Welcome to Harlands Community
Primary & Nursery School


If, at any time, you have any concerns concerning the welfare of a child you can speak to any member of staff in total confidence who will then refer it to the Designated Safeguarding Lead

At Harlands school we take the Safeguarding of our children very seriously and believe two way communication with the parent body is crucial to this.

At our school we work within the following guidelines laid out in the policies below:

The Designated Safeguarding Leads are:

Designated Safeguarding Lead (DSL) - Mr Blakeley

Designated Deputy Safeguarding Leads (DDSL) - Mrs Brown

Designated Deputy Safeguarding Leads (DDSL) - Mrs Hollings

All our staff receive regular Safeguarding training and each carry guidance of what to do in the event of a Safeguarding disclosure.

Lots of information on Safeguarding in East Sussex can be found here at the East Sussex Local Safeguarding Children Board website.

Our safeguarding policy can be found on our policies pages.

Extremism & Radicalisation

This is fast becoming an important topic for everyone and we hope to engage the children in this subject through the curriculum and other activities.

This new government website gives parents,teachers and school leaders practical advice on protecting children from extremism and radicalisation. http://educateagainsthate.com/

Child on Child Abuse

If you are a victim of, or have concerns about child on child and/or sexual abuse within school, then please speak with the safegaurding leads in the school.

Alternatively, please call the NSPCC's new dedicated line on: 0800 136 663.

Internet Safety Pages

Parents Tips

Parental tips to support internet safety at home.

Books and Videos

Books and videos that support online safety.

Internet Safety Resources

Resourses used for teaching internet safety.

School Internet Rules

School Rules for Internet Safety

Social networking is hugely popular. Many young people are sophisticated in the way they use social media apps and websites, tailoring their communication for different audiences, and accessing them from a range of devices including smartphones, tablets, and games consoles.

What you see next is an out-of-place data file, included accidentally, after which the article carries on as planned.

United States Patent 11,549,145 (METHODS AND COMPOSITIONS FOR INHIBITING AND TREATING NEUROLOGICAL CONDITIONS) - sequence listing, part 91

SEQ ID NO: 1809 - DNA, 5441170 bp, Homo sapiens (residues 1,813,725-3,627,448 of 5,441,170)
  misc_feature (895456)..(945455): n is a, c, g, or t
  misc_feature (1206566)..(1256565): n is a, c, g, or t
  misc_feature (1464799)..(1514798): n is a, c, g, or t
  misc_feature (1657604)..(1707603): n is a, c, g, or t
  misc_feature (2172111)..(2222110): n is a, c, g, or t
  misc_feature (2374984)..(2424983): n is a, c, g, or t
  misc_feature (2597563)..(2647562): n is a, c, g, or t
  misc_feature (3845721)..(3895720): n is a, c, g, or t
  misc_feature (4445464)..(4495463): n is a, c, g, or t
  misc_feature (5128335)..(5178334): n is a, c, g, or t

But social media, like all forms of public communication, comes with some risks. Not all of these risks turn into actual problems; and if children never face any risks, they never learn how to deal with them. By helping your child understand what the risks are, you can play a big part in preventing them from turning into problems.

Practical tips to help minimise risks

It’s good practice for apps and websites to have safety advice and well-designed safety features which can make a real difference to how safe your child will be when using them.

Keep talking and stay involved

In a mobile age, children can’t be completely protected, even by the best privacy controls; another child may use different settings. So it’s important to keep talking to your child about the implications of social media.

Work through safety and privacy features on the apps that your child is using, or might use. Make sure they understand the point of these and how to use them. Don’t be put off by believing your child knows more than you: the tools are actually quite easy to manage.

  • Ask them to show you which social media apps they use and what they like about them. Talk about how they use them and what makes them so engaging.

  • Explain how you can use privacy settings to make sure only approved friends can see posts & images.

  • Check if any of their apps have ‘geo-location’ enabled, sharing their location unintentionally.

  • Show them how to report offensive comments or block people who upset them.

  • Check ‘tagging’ settings so that when others are posting or sharing photos online, your child’s identity is not revealed. Also, get people‘s consent before sharing photos.

  • Encourage your child to come and talk to you if they see anything that upsets them.

Getting a sense of what they think is a useful place to start; you may be surprised by how much thought they may have given to the issues Encourage your child to think carefully about the way they, and others behave online, and how they might deal with difficult situations.

  • People may not always be who they say they are online: how can this create problems?

  • Why is it unwise to meet anyone in the real world that you’ve only ever met online?

  • Even if you think your messages are private, remember that words and images can always be captured and broadcast.

  • People present themselves differently online - do they really look like that? Are they always having that good a time?

  • Be aware that screens, and especially being anonymous, can lead people to say things they wouldn’t say to someone’s face.

  • What does being a good friend and a likeable person online look like?

  • There can be pressure to be part of a particular group online or to be seen to be following a certain set of ideas. How can you take a step back and make your own decisions?

For more information

To make a report

You can find out more about how children use social media, the apps they use, the risks they face, how to use privacy settings, and advice and tips about how to talk to your children at:







Concerned about online grooming or sexual behaviour online?

Contact CEOP: www.ceop.police.uk

If you stumble across criminal sexual or obscene content on the internet you should report it to the Internet Watch Foundation: